WDDW 2021: Putting decent work at the heart of Africa’s social and economic development policies

Keywords : THE TRADE UNION BATTLE AGAINST COVID-19 Climate Change And Environment Declarations Human and trade union rights Gender Equality Extending Social Protection Occupational Health and Safety Organising And Workers Empowerment - Trade Union Unity Youth Work - Organising And Workers Empowerment

The African Regional Organisation of the International Trade Union Confederation (ITUC-Africa www.ituc-africa.org) strongly affirms that decent work sums up the aspirations of people in their working lives. It involves opportunities for work that is productive and delivers a fair income, security in the workplace and social protection for families, better prospects for personal development and social integration, freedom for people to express their concerns, organize and participate in the decisions that affect their lives and equality of opportunity and treatment for all women and men.

In PDF - Statement WDDW 21

With decent work, everyone wins – workers, businesses and the economy. Evidence shows that decent work is the only sustainable way to accelerate the growth of production and employment to increase the pace of poverty reduction and to build genuine democracy and social cohesion.

The World Day for Decent Work is a day where workers, their unions and their supporters around the world are mobilizing for decent jobs for all and respect for the rights of workers. As African workers, we are joining the rest of the world today in commemorating the World Day for Decent Work (WDDW) and we would like to recognize the sacrifice of millions of workers who lost their lives in the COVID-19 pandemic due to the lack of decent working conditions at the time and inadequate provision of necessary Personal Protective Equipment (PPE).

Before the outbreak of the COVID-19 pandemic, almost half of the population in Africa lived below the poverty line and more than 140 million people were low- income workers who did not have the means to sustainably meet the needs of their families. These situations have worsened and the hardship of workers and their families continues.

The COVID-19 crisis has uncovered the huge decent work deficits that still prevail in 2021. In particular, the crisis highlights the vulnerability of millions of working people and the lack of social protection coverage. Women and informal economy workers are more adversely exposed to the harsh and hard socio-economic effects that this global health crisis has thrown up.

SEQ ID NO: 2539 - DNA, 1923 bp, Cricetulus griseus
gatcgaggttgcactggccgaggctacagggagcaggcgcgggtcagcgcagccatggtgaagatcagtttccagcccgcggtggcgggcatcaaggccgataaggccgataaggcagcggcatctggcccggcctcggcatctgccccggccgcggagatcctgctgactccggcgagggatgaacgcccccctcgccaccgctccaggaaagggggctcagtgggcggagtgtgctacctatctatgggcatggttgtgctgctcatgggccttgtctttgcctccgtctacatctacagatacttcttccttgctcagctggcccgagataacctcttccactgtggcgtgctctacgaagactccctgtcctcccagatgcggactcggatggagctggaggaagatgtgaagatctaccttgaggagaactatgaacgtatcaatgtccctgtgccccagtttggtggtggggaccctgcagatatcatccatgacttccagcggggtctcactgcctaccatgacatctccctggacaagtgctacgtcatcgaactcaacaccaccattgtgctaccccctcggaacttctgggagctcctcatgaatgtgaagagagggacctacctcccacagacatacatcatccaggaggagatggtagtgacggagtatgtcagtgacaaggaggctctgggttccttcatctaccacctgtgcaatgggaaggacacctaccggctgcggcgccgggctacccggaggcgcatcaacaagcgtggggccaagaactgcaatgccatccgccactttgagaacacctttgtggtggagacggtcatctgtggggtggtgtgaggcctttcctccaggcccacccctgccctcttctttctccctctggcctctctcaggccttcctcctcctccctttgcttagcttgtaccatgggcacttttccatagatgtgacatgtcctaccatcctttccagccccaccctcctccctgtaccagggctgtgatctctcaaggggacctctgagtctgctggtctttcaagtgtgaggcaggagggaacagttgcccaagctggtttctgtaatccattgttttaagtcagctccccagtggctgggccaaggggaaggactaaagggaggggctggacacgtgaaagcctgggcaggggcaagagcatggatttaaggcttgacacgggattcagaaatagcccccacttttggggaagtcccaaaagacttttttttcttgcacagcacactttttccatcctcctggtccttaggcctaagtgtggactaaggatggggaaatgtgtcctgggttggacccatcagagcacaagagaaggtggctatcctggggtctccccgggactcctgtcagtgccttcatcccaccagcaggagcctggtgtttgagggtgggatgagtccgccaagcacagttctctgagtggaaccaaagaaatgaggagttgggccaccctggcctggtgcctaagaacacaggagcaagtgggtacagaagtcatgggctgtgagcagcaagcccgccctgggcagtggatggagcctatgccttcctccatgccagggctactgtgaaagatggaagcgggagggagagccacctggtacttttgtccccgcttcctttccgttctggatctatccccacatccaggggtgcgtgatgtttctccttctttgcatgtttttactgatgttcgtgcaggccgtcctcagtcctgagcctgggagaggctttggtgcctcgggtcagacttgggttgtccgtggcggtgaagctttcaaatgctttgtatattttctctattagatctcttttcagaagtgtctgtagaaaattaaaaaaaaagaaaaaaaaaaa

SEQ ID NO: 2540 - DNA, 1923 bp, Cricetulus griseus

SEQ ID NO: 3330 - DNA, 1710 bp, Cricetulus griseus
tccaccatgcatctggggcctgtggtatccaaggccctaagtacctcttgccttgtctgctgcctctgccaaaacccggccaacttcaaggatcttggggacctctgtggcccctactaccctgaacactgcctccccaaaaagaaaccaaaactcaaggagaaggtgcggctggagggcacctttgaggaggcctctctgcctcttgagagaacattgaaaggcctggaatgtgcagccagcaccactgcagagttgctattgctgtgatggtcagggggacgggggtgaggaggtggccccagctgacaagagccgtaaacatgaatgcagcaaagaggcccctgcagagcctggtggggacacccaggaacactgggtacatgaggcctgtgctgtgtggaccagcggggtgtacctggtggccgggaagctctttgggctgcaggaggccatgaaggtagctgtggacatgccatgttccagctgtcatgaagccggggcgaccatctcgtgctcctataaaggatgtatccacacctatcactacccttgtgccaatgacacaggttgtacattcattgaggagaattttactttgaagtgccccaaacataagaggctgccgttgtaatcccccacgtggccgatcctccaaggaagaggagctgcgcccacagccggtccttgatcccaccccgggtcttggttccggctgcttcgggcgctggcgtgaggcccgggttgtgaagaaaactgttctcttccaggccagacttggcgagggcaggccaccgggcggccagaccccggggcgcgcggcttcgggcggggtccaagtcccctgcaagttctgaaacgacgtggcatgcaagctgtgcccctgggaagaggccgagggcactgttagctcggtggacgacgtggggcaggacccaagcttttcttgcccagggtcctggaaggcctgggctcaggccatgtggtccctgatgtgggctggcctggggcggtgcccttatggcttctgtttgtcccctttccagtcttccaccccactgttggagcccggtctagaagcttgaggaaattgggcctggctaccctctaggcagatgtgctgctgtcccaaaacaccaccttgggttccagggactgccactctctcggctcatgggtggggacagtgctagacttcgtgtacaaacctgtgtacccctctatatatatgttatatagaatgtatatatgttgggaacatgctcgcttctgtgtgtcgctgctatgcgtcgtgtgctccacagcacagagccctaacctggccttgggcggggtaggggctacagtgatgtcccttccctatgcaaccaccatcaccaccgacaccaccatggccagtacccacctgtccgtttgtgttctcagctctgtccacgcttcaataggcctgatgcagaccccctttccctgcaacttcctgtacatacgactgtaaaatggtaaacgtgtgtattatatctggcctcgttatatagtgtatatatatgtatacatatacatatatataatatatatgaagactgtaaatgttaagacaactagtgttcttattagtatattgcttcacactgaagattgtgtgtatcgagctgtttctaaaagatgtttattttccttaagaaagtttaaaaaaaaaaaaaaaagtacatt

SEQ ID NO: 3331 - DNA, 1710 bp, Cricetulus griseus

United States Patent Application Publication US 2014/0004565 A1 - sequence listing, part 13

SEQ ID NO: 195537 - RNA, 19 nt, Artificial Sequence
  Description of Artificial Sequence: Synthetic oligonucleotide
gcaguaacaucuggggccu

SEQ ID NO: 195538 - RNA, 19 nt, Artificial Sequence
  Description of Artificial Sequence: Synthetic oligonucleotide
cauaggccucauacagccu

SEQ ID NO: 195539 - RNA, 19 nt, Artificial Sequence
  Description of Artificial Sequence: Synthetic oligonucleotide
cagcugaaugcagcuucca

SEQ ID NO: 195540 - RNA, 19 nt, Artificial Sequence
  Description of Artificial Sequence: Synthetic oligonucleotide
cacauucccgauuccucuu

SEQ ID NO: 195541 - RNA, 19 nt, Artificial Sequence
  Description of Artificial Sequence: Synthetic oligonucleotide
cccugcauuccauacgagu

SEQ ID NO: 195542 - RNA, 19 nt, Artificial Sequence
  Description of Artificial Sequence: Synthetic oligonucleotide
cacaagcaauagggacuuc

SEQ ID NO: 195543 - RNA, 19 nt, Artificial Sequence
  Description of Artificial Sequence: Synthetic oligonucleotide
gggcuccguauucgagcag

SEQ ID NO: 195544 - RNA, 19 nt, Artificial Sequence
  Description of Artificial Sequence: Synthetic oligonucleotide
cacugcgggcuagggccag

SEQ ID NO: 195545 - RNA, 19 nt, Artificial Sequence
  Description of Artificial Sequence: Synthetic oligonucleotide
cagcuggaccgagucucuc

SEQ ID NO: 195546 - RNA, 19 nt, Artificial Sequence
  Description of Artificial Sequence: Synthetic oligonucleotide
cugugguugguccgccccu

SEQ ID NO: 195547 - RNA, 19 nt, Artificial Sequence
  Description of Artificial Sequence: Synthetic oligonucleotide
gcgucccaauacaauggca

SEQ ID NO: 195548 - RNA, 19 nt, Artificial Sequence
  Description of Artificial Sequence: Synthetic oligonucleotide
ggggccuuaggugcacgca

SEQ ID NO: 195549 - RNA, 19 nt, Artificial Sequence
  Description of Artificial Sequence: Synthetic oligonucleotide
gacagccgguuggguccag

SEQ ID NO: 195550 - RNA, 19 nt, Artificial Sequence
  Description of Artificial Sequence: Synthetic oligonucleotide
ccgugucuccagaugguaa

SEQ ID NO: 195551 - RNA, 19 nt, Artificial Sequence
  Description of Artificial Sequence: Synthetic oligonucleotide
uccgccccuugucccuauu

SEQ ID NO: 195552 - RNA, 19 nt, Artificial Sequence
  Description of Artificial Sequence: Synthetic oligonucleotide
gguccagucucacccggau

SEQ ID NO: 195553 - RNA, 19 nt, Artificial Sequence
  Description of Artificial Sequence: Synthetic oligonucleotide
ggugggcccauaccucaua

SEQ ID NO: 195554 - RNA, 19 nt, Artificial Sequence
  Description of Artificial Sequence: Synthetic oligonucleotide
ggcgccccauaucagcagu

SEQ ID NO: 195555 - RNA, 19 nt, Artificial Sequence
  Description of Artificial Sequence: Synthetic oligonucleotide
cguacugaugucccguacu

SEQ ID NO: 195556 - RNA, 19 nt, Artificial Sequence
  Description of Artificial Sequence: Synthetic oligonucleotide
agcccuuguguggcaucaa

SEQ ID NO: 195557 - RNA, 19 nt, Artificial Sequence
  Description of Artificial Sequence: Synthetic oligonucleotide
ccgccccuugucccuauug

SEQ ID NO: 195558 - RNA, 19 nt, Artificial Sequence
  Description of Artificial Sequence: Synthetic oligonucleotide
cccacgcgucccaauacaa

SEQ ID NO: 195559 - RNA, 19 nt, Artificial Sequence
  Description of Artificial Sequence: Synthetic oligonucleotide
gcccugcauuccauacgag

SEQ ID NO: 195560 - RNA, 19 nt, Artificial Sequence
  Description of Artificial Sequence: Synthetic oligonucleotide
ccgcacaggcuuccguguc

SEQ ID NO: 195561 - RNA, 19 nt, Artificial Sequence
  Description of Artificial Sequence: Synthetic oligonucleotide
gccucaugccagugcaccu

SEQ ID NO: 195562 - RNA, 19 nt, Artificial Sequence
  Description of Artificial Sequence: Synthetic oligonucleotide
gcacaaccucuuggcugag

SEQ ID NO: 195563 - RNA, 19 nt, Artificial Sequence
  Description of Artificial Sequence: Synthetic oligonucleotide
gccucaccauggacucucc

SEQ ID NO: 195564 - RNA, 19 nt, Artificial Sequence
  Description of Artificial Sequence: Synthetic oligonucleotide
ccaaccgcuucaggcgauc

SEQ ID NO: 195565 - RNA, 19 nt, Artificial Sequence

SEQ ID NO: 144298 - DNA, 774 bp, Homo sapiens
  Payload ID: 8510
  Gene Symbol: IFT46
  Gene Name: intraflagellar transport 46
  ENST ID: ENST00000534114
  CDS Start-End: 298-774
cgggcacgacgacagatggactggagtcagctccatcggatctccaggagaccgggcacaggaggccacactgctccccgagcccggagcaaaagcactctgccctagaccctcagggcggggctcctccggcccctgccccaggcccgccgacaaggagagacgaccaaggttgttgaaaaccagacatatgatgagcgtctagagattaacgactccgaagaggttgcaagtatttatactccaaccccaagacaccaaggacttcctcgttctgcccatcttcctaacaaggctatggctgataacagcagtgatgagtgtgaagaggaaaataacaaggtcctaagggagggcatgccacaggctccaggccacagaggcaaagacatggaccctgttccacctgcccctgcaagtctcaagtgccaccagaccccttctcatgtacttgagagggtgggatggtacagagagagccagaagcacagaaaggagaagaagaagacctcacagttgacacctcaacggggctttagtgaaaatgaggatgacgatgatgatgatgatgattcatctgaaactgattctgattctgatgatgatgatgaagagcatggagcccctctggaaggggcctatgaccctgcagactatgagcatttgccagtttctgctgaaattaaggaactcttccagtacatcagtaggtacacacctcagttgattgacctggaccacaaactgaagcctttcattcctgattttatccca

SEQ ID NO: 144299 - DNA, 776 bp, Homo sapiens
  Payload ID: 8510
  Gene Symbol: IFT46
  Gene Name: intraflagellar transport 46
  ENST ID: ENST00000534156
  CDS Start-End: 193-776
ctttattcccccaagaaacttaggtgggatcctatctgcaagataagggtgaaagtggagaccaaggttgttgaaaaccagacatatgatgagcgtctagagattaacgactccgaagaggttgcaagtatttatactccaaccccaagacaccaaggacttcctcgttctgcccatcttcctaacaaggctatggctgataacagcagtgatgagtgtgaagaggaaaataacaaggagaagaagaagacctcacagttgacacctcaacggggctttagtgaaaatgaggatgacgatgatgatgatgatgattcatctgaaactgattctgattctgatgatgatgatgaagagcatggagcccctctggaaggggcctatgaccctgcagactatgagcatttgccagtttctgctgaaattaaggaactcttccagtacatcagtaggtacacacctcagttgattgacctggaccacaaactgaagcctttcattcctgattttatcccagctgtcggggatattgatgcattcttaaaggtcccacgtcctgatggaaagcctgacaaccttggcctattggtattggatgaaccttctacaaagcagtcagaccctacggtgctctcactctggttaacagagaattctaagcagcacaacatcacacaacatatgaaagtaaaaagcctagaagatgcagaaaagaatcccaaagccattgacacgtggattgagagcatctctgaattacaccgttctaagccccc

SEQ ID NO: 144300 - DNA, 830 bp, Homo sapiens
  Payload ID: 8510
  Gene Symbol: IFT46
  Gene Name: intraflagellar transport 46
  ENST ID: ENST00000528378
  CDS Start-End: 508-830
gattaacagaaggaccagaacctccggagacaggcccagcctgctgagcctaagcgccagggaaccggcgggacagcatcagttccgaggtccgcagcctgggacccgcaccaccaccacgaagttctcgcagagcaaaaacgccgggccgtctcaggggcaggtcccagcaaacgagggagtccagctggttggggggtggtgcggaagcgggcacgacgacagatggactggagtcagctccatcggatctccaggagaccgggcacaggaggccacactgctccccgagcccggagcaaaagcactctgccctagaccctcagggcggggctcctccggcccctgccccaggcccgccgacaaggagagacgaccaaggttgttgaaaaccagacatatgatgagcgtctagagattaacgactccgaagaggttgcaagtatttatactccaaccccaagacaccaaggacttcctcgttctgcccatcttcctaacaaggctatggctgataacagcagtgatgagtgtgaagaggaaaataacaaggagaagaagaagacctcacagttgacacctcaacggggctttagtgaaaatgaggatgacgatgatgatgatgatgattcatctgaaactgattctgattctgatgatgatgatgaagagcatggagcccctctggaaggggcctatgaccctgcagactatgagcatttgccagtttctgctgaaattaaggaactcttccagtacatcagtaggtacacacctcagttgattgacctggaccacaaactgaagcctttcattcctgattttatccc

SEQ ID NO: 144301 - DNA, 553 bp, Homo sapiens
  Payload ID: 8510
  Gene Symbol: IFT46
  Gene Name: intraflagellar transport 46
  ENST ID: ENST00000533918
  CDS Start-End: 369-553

The ITUC-Africa wants to restate the need and urgency for the continent to consciously and systematically work towards the development of a robust and inclusive social protection arrangement that can accord effective and improved coverage and provisions for all. We are equally sad to note that once again, big businesses and the rich amongst us continue to show reluctance to pay taxes needed for shoring up national resource mobilization opportunities that will be utilized for public provisions financing.

This is exactly what the recent Pandora Report that exposed High-Net Individuals and businesses patronizing tax havens to hide their monies away from being fairly taxed has shown. We condemn this and call on African governments to continue to work to fix tax loopholes and to work with the international community to outlaw tax havens.

As always, African organized labor resolves to continue to organize, mobilize and take collective action to ensure that our people are enjoying jobs that are -productive and deliver on a fair income; secured and dignified; premised on social protection for
families; and based on better prospects for personal development and social
integration. Equally important is for such jobs and working conditions to be founded on the principles of freedom for people to express their concerns, organize and participate in the decisions that affect their lives; and expected to accord equal opportunities and treatment to working women and men.

As ITUC-Africa, we will continue to work towards the promotion and attainment of the decent work agenda through strategies and actions that will foster the involvement of trade unions in national economic and social policies, combined with strong autonomous social dialogue and effective collective bargaining arrangements.

Signed: Kwasi Adu-Amankwah
General Secretary

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